Aquatic pathogens transit between extreme environments of nutrient depleted water in which they exist in a semi-starvation state and the host in which they are continually challenged by innate and adaptive immunity.

This has led to highly efficient mechanisms to colonise aquatic (and occasionally human) hosts - marine pathogens have completely stripped-down genomes and only carry the bare essentials for colonisation making them highly competitive when nutrients are scarce, but still highly capable of evading or subverting the hosts defences.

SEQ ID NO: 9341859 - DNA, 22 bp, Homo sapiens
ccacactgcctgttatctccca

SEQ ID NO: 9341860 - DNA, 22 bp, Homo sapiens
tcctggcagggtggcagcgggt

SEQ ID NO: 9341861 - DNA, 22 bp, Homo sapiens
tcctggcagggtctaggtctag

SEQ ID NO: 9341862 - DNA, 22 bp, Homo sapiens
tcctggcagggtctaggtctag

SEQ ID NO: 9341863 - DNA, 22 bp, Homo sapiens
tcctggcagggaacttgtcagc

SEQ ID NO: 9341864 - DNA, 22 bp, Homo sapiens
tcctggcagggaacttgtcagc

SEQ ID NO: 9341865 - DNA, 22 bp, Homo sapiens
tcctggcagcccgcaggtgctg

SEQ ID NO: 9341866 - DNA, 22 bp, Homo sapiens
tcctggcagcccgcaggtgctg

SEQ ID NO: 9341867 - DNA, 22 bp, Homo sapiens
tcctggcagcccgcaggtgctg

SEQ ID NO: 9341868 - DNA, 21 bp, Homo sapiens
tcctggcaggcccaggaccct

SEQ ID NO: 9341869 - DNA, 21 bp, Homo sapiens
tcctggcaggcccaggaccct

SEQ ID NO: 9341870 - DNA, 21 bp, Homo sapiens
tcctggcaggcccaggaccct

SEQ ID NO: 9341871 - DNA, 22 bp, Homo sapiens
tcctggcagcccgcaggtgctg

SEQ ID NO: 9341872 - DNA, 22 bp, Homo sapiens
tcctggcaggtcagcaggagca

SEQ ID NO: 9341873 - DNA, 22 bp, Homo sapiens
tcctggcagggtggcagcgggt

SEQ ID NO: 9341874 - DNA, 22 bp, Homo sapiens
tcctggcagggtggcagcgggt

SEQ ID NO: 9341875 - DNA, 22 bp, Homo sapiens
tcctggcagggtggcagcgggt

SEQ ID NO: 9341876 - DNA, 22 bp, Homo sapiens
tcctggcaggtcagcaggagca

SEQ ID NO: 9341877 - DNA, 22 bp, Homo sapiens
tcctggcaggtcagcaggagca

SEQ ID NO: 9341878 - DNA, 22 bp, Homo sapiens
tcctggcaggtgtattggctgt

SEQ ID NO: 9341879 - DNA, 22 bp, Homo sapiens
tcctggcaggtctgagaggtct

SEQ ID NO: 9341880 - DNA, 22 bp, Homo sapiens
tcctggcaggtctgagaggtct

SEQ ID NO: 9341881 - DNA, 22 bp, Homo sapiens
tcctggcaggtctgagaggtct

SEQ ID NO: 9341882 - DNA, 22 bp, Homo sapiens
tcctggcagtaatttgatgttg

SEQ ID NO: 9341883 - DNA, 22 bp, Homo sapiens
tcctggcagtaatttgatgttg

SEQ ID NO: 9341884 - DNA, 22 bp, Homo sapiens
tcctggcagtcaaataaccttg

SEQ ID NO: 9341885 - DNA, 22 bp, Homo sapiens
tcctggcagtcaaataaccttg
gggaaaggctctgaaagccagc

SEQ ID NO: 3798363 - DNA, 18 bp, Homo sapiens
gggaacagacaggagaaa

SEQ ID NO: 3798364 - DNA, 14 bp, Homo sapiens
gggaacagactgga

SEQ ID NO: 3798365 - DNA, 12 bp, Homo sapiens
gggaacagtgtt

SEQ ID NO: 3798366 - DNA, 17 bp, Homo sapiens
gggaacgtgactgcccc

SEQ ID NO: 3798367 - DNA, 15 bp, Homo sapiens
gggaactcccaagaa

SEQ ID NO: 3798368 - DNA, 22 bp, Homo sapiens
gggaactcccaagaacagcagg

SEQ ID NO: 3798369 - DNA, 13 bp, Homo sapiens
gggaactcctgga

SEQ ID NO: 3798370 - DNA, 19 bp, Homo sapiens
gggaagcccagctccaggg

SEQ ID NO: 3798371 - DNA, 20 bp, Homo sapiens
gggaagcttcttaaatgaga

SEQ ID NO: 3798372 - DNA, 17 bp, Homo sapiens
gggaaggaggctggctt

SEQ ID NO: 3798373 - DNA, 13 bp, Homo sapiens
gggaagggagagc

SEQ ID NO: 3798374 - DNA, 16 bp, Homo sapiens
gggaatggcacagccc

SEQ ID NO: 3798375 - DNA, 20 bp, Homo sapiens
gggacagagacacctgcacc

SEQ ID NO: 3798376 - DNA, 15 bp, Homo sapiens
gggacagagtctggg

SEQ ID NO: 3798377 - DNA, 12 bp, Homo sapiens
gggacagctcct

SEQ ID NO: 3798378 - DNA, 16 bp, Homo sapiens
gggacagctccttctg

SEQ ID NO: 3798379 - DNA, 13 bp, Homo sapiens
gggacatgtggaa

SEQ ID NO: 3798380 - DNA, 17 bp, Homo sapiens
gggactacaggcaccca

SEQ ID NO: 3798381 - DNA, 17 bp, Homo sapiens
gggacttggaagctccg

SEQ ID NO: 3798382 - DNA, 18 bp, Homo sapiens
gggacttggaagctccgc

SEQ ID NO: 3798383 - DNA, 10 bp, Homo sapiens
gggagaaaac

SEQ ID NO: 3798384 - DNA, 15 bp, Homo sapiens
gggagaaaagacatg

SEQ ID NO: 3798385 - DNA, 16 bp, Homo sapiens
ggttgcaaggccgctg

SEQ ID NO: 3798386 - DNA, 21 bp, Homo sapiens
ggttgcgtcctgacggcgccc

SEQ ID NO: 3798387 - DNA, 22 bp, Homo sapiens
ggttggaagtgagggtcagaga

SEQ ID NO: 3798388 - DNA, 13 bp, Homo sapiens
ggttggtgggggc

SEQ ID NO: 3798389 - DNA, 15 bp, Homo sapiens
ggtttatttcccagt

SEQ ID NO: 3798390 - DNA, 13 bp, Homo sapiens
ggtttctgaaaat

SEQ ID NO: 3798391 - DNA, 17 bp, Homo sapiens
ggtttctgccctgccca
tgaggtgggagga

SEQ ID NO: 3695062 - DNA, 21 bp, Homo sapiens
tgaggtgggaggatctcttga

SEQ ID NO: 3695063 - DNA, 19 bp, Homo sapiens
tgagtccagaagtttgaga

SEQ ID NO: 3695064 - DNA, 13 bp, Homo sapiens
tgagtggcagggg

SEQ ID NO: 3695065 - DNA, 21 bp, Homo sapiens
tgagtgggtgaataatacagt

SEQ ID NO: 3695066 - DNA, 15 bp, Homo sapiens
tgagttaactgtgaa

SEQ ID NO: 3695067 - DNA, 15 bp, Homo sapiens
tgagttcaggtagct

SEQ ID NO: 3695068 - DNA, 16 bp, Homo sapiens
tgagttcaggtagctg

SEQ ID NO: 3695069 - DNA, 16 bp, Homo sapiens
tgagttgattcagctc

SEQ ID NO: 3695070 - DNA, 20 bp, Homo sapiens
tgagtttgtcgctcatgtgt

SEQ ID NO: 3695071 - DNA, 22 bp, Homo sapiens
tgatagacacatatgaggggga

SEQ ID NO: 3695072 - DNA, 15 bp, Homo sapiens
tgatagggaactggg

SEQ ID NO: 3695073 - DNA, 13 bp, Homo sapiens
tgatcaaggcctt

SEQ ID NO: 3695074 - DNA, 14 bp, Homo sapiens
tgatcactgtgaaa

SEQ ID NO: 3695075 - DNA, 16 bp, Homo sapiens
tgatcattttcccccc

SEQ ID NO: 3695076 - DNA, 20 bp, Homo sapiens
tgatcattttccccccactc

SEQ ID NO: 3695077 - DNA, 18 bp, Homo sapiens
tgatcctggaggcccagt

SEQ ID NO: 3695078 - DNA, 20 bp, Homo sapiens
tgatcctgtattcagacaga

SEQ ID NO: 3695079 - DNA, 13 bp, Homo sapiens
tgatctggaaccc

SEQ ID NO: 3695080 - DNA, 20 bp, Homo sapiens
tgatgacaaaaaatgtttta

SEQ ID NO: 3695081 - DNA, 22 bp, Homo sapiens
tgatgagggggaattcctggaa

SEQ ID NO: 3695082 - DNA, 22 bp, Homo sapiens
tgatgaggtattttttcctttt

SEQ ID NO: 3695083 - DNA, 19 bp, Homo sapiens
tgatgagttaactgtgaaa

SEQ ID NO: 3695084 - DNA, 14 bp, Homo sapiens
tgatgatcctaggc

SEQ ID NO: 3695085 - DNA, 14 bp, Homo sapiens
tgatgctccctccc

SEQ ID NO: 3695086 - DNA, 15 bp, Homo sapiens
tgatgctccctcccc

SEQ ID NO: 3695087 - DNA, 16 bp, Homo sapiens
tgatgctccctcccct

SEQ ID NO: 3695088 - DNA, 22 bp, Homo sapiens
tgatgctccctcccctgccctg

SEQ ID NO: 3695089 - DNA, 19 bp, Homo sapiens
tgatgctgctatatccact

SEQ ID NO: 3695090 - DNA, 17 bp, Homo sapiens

We use genomics and lab models to track the evolution of these pathogens as they move between host environments in order to understand how they evolve and adapt in a changing world, and how new strains arise.

This enables us to formulate better vaccines for aquaculture and identify biosecurity threats to our aquaculture industry. It also tells us much about how human pathogens evolve under stress.

Supervisor: Associate Professor Andrew Barnes